The third key area of faith formation for Catholic youth is the parish community. The parish is where young people should be supported, prayed with, and then sent out to meet others on their way. One of the greatest benefits of parish life is that it provides Catholic youth with solid role models.
Within my home parish, we had role models from every generation and almost every vocation. First are foremost were our youth ministers, young Catholic adults who modelled faith in both single and married life. We had a parish priest who went out of his way to ensure that young people understood his ministry and received the sacraments on a regular basis. We had elderly parishioners who would be at church every day for morning Mass and would occasionally get called up for a blessing to celebrate their 40th, 50th or even 60th wedding anniversary. We had our peers, who lent us support, and finally, we even had younger kids who were looking up to us. Let me tell you, nothing encourages you to behave as a role model quite like knowing that there are people who see you as one.
For some readers, this might sound like an ideal or even an unbelievable situation, but it is what every church community is called to be. What is important to recognise is that it is the parish, more than anywhere else, that provides youth with a tangible expression of the Catholic Church.
It is crucial that Catholic youth understand their significance within parish life. In part, this will be accomplished through everything that I have already mentioned in this series– striking a balance between relevance and transcendence, and recognizing that young people are not just the “Church of the future.” But it can also be as simple as just telling young Catholics that they are valued.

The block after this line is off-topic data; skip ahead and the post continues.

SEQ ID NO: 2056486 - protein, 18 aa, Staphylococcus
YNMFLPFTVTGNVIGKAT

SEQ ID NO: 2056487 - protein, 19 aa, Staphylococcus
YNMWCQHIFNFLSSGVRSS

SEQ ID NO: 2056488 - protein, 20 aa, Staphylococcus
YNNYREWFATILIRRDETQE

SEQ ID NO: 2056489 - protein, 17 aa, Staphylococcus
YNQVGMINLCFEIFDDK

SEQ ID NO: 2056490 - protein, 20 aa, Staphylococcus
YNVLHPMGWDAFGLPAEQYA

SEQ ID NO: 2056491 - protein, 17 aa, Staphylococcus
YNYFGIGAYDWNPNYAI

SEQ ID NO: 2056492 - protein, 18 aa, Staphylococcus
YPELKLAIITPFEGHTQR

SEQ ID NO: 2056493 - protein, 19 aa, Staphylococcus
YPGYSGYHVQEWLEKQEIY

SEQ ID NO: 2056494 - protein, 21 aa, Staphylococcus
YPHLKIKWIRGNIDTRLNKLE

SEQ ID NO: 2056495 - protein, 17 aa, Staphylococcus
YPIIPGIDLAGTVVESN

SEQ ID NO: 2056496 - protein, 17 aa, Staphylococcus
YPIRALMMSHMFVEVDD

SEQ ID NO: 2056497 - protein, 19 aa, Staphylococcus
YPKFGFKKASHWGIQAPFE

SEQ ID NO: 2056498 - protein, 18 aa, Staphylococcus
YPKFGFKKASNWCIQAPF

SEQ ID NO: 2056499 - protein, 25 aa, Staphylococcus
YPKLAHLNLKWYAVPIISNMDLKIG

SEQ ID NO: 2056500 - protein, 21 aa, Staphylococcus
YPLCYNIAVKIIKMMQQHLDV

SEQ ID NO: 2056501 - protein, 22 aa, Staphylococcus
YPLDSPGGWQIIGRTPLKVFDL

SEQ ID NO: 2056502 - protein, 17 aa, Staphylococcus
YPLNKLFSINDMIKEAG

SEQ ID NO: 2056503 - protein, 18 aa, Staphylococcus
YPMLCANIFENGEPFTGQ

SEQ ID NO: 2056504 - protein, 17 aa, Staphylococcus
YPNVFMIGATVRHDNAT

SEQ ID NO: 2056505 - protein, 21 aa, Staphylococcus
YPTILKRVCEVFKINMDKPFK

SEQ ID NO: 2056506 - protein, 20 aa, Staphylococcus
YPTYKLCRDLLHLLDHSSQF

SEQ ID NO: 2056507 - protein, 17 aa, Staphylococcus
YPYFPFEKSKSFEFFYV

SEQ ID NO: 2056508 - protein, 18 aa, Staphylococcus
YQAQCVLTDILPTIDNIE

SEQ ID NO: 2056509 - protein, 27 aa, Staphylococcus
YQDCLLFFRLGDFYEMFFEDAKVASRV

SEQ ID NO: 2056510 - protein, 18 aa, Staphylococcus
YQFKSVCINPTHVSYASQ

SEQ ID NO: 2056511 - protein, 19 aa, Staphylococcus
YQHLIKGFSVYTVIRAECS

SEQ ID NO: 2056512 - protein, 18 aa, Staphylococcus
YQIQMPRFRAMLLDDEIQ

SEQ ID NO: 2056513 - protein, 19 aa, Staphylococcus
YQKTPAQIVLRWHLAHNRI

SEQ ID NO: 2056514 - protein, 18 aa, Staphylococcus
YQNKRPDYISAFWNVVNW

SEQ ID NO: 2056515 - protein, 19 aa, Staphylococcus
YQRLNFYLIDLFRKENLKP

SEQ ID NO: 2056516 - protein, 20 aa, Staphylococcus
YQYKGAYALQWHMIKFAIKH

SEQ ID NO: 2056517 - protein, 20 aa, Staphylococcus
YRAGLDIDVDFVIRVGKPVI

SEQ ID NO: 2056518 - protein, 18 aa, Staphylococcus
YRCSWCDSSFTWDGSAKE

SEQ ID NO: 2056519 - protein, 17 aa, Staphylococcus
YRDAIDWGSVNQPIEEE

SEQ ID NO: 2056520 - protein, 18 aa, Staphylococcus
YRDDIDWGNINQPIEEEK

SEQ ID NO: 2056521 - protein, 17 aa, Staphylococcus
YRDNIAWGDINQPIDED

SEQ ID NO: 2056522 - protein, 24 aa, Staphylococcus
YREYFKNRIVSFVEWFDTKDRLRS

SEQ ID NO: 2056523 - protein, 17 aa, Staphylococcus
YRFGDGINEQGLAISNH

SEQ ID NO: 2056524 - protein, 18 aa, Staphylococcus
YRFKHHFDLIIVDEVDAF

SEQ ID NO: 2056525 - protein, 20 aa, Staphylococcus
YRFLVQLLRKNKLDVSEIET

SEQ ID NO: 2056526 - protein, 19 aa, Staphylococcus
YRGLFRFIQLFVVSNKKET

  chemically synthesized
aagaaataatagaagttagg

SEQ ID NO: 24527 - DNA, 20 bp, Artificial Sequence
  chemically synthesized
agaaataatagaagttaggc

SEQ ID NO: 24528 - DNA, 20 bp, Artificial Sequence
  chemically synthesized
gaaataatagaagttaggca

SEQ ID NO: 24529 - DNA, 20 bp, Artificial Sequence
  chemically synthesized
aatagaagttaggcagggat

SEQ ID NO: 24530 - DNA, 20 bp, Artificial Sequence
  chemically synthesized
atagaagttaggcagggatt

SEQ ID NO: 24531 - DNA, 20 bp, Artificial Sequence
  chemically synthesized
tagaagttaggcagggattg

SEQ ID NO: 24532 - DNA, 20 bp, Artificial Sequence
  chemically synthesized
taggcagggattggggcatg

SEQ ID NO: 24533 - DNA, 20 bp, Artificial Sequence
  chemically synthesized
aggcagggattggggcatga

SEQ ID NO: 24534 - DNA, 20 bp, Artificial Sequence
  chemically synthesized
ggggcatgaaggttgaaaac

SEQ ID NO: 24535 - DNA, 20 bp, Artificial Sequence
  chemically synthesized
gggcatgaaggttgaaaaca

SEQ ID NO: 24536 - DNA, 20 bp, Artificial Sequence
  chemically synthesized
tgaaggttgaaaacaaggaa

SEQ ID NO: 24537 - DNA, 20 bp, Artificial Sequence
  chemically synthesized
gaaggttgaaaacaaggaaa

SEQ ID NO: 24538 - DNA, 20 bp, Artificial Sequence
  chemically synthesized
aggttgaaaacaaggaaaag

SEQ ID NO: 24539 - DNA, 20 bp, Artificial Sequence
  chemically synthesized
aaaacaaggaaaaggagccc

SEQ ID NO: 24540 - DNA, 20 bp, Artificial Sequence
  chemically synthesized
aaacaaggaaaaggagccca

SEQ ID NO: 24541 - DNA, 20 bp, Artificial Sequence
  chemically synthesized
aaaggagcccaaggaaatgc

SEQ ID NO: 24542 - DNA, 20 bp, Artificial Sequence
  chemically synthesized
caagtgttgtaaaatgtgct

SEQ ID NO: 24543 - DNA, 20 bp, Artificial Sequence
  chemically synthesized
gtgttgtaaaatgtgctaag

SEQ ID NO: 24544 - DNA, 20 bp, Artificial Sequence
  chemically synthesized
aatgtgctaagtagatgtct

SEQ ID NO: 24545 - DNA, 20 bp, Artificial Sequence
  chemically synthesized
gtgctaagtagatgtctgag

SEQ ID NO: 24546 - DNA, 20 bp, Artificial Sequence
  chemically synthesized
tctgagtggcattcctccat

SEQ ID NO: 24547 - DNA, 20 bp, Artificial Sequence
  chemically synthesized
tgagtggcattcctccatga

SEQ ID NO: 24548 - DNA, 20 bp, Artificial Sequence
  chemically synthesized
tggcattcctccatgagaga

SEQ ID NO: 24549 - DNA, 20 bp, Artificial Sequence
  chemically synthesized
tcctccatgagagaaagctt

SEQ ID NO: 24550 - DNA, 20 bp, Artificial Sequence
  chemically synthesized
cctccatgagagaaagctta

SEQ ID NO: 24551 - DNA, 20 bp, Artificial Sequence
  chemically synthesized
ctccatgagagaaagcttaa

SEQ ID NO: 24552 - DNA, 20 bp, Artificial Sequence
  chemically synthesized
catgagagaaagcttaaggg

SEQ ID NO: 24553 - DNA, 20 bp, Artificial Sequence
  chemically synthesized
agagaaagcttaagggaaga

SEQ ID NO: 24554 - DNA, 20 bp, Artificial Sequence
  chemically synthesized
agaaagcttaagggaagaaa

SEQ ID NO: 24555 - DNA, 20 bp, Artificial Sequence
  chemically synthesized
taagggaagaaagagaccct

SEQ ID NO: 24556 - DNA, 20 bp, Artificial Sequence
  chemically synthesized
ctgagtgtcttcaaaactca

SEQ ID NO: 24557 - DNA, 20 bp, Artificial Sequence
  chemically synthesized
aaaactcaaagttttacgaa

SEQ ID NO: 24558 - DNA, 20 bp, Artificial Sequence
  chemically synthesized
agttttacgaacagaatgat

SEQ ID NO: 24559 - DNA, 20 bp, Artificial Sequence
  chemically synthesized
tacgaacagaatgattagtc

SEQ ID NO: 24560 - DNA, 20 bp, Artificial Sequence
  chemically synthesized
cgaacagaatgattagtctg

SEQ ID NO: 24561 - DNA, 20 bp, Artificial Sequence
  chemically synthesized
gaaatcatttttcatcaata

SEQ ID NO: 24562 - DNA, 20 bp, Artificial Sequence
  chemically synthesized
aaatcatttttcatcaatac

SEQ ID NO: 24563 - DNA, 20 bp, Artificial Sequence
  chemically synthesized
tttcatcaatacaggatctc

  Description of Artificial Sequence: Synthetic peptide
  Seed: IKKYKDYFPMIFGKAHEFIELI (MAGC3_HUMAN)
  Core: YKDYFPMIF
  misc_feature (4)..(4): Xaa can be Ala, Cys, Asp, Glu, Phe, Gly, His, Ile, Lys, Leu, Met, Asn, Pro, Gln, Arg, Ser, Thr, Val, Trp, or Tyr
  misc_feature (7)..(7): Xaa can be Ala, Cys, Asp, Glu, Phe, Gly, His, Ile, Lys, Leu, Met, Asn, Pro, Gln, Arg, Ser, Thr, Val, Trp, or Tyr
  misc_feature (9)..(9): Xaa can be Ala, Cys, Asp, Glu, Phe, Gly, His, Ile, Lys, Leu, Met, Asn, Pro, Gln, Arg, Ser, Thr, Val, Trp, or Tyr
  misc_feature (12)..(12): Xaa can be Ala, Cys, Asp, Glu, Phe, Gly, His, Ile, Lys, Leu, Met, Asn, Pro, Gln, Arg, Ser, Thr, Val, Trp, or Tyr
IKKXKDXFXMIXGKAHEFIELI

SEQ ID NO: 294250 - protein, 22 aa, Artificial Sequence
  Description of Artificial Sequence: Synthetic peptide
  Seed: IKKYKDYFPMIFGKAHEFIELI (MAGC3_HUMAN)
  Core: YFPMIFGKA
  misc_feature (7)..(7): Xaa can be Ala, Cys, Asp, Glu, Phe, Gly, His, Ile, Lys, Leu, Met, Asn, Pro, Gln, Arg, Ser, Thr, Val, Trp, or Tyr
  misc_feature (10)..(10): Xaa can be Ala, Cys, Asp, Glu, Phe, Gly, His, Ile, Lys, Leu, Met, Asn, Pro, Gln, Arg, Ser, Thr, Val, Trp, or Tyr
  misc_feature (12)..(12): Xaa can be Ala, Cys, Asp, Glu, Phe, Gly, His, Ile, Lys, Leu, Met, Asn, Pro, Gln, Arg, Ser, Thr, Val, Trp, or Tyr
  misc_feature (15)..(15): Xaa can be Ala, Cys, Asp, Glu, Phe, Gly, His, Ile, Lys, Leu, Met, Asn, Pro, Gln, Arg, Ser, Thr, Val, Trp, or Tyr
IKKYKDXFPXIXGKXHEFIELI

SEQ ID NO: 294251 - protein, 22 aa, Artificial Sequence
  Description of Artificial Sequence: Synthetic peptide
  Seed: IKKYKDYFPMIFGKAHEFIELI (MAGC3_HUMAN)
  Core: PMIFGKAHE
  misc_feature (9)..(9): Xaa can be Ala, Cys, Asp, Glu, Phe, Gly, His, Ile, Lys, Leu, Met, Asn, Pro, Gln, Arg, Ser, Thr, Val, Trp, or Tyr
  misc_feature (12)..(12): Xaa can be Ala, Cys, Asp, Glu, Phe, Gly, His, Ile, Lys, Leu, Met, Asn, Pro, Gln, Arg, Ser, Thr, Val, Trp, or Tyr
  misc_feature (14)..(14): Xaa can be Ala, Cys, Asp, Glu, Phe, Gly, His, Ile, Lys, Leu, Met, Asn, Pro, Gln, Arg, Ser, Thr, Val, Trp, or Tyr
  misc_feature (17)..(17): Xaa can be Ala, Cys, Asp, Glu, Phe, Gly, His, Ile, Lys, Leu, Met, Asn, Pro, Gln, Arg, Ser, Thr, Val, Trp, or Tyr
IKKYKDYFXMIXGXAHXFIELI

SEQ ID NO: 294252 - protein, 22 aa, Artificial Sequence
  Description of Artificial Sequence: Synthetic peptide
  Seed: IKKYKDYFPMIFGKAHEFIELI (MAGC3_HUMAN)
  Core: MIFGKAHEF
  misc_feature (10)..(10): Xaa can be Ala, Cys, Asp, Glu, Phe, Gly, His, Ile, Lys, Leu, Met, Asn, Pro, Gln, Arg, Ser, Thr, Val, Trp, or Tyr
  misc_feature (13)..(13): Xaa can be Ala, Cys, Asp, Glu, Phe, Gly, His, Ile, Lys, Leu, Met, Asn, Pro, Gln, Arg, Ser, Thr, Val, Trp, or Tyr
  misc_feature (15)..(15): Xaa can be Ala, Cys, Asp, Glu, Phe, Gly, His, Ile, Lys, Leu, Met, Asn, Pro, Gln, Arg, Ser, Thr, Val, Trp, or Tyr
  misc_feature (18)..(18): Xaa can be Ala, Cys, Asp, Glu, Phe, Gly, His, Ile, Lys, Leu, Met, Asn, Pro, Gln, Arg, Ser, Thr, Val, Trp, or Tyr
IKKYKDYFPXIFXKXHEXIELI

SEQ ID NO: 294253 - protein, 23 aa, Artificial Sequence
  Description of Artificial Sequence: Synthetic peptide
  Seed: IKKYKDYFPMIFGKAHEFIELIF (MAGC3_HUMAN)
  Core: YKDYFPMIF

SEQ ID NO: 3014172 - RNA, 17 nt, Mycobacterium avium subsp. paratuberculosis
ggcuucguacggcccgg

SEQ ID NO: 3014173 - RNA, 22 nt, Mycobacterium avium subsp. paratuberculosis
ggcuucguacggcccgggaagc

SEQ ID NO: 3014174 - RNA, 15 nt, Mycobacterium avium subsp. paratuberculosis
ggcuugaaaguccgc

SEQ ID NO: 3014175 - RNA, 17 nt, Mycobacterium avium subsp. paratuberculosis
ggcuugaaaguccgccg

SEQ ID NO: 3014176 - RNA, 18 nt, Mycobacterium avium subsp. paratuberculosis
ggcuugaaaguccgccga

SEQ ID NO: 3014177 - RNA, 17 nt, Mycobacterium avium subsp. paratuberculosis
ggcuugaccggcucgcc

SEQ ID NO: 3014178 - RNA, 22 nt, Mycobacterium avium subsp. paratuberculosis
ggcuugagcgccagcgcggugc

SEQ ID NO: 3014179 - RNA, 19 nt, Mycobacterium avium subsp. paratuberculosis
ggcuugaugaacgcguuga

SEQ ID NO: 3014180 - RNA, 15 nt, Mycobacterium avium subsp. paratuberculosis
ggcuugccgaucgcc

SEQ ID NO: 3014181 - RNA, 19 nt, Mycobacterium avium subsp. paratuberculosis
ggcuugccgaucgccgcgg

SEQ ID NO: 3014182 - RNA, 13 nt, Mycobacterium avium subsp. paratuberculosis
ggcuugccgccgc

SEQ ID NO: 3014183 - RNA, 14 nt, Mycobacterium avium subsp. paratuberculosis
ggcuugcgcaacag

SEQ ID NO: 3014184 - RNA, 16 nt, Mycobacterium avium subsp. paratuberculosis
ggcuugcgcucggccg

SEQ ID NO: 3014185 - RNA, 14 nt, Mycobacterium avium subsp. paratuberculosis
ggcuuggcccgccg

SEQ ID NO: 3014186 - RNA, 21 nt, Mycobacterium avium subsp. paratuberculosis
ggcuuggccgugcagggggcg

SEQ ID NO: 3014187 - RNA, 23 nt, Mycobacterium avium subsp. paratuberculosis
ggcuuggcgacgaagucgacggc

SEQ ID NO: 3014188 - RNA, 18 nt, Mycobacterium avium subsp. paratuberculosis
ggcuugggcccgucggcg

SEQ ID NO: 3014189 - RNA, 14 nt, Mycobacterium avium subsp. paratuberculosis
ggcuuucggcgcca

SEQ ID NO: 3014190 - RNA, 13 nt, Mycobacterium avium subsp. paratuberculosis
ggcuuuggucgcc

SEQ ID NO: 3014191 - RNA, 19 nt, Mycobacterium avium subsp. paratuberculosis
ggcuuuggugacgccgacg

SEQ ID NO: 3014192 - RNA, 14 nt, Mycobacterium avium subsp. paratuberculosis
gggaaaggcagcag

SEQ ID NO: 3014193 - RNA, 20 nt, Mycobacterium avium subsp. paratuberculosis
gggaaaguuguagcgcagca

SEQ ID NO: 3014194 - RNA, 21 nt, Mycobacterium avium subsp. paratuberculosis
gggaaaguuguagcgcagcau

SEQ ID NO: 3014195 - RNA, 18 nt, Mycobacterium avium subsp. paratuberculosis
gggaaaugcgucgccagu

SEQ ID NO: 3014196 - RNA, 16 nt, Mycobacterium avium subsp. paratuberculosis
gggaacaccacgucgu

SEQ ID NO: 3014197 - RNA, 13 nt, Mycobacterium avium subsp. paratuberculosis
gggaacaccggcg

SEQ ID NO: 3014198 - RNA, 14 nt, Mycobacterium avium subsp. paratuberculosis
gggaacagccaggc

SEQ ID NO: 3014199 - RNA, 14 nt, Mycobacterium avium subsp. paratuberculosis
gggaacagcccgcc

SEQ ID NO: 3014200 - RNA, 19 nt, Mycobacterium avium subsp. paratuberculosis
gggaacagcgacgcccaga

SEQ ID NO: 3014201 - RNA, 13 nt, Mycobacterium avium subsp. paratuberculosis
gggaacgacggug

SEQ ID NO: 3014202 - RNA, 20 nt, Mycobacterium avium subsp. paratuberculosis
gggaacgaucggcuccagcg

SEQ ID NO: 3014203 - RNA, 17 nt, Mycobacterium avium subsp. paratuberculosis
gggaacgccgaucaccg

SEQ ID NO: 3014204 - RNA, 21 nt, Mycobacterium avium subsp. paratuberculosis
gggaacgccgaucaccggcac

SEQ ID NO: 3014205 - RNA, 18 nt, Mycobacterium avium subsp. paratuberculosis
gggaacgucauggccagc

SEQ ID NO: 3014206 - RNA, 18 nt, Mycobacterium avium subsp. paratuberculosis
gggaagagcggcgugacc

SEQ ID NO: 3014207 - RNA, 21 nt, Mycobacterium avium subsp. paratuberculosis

A few weeks ago I visited an unfamiliar parish. At the end of Mass, a married couple left their pew, came across to where I was sitting, introduced themselves and said “we just wanted to welcome you to the parish, it’s always so good to see young people here.” Through that one small gesture, which would have taken no more than 2 minutes, I no longer felt like an outsider.
With the movement of secular society away from the common good and towards individualism, Catholic youth can often exist in what I would describe as “a culture of isolation.” The frantic speed of modern life makes it increasingly difficult for families to find time together; secondary and tertiary education is often characterized by competition for grades and status; and peer groups often demand conformity to popular norms.
In the midst of all this, the overarching benefit of whole church ministry is that it offers young people a community to which they can belong. Above all, effective youth ministry is built on the meaningful and trust-based relationships formed within such a community. It doesn’t matter how qualified our youth ministers are, how relevant church teaching is, how much responsibility we give young people within the church; without community, none of it matters. Without community, young people are cut off from the love of Christ and his Church.
There are no short-cuts here. If we are going to truly minister to our young people, we must be willing to go through all of the time, energy, joy and struggle of forming authentic relationships with them. Meeting young people on their way is the first step, but it is only through relationships that we can continue to walk with them on the journey.
While this might all sound daunting, our Church has a long history of rising to meet such challenges. Indeed, the Catholic faith only exists in New Zealand today because bold men and women were willing to leave their comfort zone to minister in “God’s farthest outpost.” What’s more, we worship a God with a solid track record of meeting His followers on their way – as a baby born in a manger, as a loving father running out to his prodigal son, and as a Messiah meeting two apostles on the road to Emmaus. It is time for us to go and do likewise.